A healthy cat’s ears should feel warm. Cats can’t sweat, so they use their ears to regulate their body temperature. If they’ve been sunning themselves, their ears might radiate some of that heat back into the environment and be warmer than usual. However, if your pet’s ears suddenly feel like they’re blazing without an obvious cause that could be a sign something’s wrong. Here are a few reasons your cat’s ears might feel hot.
The 5 Reasons Why Cats Ears Are Hot
1. Ear Mites
These pests look like tiny dirt specks and are very common in kittens. To see if ear mites might be the problem, tip your cat’s head to the side and inspect their ears. Normally, cat’s ears should be clean and somewhat shiny, with no residue, drainage, or debris. If you see tiny black specks, those are probably ear mites. The good news is that they are easily treatable with medicine, but you’ll have to visit your veterinarian.
If your cat feels hot all over, they might have a fever. Normal body temperature for cats falls between 100ºF and 102ºF; anything above 103ºF is considered a fever. Take your cat to the vet if they sustain a temperature for more than two days or if it gets above 105ºF. While a temporary, low-grade temperature can help your cat to heal, high temperatures or prolonged fever can be life-threatening.
3. Ear Infection
If only your cat’s ears feel hot but not their entire body, they might have an ear infection. This can be easily remedied by a trip to the vet. They will probably prescribe an oral or topical antibiotic that should clear up the infection within a few days.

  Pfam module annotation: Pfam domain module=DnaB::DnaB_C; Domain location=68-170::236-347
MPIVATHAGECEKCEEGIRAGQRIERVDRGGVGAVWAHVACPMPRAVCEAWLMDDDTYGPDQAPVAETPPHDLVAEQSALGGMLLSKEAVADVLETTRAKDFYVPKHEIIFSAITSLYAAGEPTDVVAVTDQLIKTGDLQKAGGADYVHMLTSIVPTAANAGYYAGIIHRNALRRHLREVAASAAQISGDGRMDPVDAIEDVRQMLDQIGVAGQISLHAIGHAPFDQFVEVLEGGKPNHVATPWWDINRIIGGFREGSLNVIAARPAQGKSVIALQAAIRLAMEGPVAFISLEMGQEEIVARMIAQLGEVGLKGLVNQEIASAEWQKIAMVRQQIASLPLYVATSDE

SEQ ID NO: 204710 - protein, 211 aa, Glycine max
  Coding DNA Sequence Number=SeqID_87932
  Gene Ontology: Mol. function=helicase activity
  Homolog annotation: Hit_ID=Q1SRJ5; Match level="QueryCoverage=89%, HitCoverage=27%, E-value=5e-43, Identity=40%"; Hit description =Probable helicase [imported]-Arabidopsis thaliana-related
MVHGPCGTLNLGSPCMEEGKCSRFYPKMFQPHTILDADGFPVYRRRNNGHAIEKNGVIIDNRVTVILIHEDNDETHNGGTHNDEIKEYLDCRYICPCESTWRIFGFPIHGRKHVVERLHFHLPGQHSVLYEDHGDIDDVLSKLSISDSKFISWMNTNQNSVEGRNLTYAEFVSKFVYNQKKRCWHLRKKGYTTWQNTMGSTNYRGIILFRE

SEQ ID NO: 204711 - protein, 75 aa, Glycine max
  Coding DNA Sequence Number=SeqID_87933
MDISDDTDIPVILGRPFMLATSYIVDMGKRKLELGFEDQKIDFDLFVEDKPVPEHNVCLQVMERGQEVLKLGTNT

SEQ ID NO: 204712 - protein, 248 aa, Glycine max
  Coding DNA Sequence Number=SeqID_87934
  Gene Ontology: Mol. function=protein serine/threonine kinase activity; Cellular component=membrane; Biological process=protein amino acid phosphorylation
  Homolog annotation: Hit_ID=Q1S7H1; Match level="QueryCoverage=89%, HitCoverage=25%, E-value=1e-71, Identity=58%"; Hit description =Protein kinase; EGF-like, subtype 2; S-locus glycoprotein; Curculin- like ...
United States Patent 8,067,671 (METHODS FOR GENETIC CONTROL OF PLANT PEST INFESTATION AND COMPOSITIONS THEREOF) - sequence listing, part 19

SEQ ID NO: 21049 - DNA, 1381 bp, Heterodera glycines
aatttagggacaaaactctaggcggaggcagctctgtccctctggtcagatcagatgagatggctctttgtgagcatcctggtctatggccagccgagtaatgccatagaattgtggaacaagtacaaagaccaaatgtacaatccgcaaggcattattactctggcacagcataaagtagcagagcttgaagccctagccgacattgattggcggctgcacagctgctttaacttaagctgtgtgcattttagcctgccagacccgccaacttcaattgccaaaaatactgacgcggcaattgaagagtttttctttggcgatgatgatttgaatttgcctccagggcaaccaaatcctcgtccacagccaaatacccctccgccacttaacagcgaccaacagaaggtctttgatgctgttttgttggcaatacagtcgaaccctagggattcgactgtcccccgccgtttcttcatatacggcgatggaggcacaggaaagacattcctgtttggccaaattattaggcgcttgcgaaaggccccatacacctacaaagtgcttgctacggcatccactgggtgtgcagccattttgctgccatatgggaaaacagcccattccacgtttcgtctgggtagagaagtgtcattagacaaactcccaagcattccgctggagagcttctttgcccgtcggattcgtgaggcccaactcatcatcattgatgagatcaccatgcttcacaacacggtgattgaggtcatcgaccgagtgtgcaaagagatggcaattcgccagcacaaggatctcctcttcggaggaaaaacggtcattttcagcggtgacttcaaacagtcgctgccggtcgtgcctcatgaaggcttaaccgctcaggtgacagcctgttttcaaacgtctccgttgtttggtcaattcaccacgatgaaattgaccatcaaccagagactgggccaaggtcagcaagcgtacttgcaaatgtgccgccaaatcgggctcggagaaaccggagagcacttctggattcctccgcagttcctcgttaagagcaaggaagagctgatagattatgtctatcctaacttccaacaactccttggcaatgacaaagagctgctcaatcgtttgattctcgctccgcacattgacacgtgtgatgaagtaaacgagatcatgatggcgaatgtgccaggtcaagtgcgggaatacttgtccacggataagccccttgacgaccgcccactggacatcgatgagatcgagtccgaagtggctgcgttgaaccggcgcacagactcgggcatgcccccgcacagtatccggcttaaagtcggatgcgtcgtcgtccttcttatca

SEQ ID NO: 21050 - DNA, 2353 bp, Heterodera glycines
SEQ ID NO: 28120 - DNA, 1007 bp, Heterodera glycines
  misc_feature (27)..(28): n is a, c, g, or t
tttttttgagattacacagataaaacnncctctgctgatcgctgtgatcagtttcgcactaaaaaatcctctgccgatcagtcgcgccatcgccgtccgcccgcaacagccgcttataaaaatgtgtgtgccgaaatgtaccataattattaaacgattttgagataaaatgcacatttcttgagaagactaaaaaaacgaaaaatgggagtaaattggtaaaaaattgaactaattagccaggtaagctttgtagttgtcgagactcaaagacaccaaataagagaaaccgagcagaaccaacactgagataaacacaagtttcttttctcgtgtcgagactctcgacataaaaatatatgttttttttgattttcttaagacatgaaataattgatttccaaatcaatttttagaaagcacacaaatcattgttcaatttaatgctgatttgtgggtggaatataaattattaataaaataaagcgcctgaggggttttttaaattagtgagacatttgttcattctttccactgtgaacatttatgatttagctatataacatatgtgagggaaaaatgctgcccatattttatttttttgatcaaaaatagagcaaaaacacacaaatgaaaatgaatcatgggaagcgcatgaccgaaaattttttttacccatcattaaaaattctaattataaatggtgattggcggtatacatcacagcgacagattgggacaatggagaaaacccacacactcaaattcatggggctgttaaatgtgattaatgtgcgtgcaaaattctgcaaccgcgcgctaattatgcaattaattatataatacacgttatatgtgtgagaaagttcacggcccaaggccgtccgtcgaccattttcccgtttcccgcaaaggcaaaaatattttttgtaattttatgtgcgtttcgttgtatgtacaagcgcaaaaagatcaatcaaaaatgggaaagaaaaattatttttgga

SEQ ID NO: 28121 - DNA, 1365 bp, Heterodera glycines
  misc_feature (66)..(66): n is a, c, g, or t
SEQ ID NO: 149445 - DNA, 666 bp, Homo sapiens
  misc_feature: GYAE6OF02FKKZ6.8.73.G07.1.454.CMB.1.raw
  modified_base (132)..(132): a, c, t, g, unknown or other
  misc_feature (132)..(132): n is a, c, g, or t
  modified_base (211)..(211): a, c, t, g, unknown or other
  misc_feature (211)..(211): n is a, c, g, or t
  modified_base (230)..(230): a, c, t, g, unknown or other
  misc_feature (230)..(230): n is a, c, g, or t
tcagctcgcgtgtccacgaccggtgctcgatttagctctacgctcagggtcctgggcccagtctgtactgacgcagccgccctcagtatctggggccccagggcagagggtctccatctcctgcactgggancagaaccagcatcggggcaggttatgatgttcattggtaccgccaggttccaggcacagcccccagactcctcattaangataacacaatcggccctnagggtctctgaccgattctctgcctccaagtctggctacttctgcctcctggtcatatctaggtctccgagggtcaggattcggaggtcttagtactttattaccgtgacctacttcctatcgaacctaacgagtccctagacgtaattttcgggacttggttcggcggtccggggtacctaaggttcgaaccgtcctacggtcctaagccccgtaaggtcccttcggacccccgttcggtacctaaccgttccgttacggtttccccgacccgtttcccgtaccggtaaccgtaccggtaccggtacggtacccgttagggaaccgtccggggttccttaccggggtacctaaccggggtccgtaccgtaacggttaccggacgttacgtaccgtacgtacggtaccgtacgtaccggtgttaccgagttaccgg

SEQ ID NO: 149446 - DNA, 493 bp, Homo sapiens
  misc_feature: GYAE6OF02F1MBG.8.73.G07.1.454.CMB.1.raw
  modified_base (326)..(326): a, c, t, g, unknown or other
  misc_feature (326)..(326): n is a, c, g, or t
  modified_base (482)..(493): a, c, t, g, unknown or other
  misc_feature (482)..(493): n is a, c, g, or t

Even so, you should always medically treat an ear infection. Without antibiotics, ear infections can turn into severe infections which may result in hearing loss. Some ear infections might also be caused by a foreign object which can’t be removed without a vet’s assistance.
Your cat’s ears might be hot and maybe even itchy due to being allergic to their environment or even fleas. If you’ve introduced a new food, consider switching back to see if it helps. Inspect their body for fleas or bites. If your cat suddenly begins acting lethargic, has trouble breathing, or exhibits other symptoms of a severe allergic reaction, call your vet immediately. They could be having an anaphylactic reaction, which can be deadly.
5. Heat Stroke
Burning ears along with troubled breathing or sudden lethargic behavior may be a sign of heat stroke, which can be a fatal condition. Call your vet immediately if you think this may be the case.
If your cat’s ears are only moderately warm, they’re probably fine, especially if they’re enjoying a hot day in the summer sun. Blazing hot ears aren’t normal, however, and they might be a sign something’s wrong with your cat. Inspect the inside of their ears and monitor them for other health symptoms to make sure nothing’s wrong. Be sure to get your cat to a vet if you notice that there does appear to be something wrong.
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